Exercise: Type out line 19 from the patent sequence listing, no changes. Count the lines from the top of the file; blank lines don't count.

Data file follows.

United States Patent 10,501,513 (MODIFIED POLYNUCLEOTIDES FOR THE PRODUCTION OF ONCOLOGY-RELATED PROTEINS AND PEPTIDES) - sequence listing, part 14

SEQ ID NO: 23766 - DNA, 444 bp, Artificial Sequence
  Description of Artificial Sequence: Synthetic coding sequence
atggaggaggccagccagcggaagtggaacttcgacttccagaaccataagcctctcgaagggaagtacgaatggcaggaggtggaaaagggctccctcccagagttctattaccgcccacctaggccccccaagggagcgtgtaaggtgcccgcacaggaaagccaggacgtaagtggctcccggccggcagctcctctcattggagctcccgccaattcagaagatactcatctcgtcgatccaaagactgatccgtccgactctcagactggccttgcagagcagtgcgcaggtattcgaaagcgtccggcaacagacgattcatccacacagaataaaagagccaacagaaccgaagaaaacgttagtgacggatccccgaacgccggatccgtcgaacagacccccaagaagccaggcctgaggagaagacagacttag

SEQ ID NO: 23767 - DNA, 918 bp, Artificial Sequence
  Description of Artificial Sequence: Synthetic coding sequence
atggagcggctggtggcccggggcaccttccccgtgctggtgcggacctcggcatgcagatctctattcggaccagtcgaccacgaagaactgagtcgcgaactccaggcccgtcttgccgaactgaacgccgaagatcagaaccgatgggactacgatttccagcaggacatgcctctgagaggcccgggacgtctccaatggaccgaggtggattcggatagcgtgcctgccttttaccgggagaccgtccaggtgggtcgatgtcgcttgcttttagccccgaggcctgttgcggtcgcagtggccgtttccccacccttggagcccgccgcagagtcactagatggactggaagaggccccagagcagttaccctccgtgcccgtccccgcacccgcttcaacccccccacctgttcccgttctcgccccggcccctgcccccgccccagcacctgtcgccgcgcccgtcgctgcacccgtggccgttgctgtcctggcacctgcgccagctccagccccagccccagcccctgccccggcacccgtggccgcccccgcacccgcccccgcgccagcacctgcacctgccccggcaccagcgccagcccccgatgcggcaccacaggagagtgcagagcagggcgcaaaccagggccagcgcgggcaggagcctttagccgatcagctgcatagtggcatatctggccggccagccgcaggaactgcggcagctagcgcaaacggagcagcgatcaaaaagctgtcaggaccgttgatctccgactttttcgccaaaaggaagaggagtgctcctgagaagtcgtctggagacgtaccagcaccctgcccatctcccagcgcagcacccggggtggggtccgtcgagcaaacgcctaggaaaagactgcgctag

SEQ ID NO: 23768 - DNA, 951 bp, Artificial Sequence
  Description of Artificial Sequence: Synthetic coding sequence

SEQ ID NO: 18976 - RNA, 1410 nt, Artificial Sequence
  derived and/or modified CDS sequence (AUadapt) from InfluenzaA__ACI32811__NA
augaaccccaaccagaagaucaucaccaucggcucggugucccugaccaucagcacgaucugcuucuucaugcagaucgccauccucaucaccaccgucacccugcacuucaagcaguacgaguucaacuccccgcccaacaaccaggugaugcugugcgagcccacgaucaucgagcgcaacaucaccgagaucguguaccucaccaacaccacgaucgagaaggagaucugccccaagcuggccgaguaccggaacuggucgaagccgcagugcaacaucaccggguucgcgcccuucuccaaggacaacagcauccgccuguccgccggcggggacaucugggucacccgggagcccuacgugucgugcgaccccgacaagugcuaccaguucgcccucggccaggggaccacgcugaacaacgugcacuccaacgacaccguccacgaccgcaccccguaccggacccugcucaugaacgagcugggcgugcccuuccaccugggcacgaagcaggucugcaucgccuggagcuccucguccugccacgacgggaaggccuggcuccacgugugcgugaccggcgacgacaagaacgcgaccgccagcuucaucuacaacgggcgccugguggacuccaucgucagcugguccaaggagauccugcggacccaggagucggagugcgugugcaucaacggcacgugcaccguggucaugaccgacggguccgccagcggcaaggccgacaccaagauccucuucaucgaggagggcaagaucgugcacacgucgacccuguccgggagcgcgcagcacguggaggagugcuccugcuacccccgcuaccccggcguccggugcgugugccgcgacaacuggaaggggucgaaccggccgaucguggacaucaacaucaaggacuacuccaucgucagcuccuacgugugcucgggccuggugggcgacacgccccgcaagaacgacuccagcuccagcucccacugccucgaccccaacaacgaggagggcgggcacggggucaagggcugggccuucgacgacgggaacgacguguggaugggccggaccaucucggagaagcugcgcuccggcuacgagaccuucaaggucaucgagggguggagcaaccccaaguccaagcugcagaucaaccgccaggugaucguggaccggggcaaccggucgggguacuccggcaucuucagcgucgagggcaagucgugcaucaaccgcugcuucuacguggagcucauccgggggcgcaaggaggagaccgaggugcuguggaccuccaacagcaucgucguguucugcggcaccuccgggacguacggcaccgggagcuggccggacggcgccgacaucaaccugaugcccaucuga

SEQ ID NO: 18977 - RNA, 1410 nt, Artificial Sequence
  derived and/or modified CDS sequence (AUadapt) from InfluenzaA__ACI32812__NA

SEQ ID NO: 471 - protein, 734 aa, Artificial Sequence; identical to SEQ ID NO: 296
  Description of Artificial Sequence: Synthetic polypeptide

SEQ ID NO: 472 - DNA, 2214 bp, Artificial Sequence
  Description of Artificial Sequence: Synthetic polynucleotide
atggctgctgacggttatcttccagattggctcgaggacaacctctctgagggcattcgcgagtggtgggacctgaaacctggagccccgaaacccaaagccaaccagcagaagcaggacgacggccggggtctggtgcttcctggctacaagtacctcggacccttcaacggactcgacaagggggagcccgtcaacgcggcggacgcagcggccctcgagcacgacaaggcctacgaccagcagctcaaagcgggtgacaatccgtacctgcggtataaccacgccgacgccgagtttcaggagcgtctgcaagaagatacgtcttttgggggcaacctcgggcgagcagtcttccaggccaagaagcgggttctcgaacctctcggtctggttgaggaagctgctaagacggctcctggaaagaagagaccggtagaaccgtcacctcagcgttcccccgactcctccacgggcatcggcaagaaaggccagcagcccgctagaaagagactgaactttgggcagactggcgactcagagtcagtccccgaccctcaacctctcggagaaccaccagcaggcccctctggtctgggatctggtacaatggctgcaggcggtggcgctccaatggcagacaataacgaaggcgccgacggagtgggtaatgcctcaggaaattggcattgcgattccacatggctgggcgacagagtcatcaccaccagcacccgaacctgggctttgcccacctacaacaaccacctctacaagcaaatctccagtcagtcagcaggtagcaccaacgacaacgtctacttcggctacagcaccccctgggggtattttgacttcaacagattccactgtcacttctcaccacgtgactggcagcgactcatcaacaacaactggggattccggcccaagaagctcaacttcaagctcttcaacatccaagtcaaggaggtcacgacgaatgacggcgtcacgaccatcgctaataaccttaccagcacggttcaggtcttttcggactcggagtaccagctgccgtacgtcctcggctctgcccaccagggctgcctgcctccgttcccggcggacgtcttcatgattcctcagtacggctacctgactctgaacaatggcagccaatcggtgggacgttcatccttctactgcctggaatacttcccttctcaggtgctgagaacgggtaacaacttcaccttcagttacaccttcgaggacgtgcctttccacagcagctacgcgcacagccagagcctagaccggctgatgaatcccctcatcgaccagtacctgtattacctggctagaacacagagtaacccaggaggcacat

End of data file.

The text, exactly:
atggctgctgacggttatcttccagattggctcgaggacaacctctctgagggcattcgcgagtggtgggacctgaaacctggagccccgaaacccaaagccaaccagcagaagcaggacgacggccggggtctggtgcttcctggctacaagtacctcggacccttcaacggactcgacaagggggagcccgtcaacgcggcggacgcagcggccctcgagcacgacaaggcctacgaccagcagctcaaagcgggtgacaatccgtacctgcggtataaccacgccgacgccgagtttcaggagcgtctgcaagaagatacgtcttttgggggcaacctcgggcgagcagtcttccaggccaagaagcgggttctcgaacctctcggtctggttgaggaagctgctaagacggctcctggaaagaagagaccggtagaaccgtcacctcagcgttcccccgactcctccacgggcatcggcaagaaaggccagcagcccgctagaaagagactgaactttgggcagactggcgactcagagtcagtccccgaccctcaacctctcggagaaccaccagcaggcccctctggtctgggatctggtacaatggctgcaggcggtggcgctccaatggcagacaataacgaaggcgccgacggagtgggtaatgcctcaggaaattggcattgcgattccacatggctgggcgacagagtcatcaccaccagcacccgaacctgggctttgcccacctacaacaaccacctctacaagcaaatctccagtcagtcagcaggtagcaccaacgacaacgtctacttcggctacagcaccccctgggggtattttgacttcaacagattccactgtcacttctcaccacgtgactggcagcgactcatcaacaacaactggggattccggcccaagaagctcaacttcaagctcttcaacatccaagtcaaggaggtcacgacgaatgacggcgtcacgaccatcgctaataaccttaccagcacggttcaggtcttttcggactcggagtaccagctgccgtacgtcctcggctctgcccaccagggctgcctgcctccgttcccggcggacgtcttcatgattcctcagtacggctacctgactctgaacaatggcagccaatcggtgggacgttcatccttctactgcctggaatacttcccttctcaggtgctgagaacgggtaacaacttcaccttcagttacaccttcgaggacgtgcctttccacagcagctacgcgcacagccagagcctagaccggctgatgaatcccctcatcgaccagtacctgtattacctggctagaacacagagtaacccaggaggcacat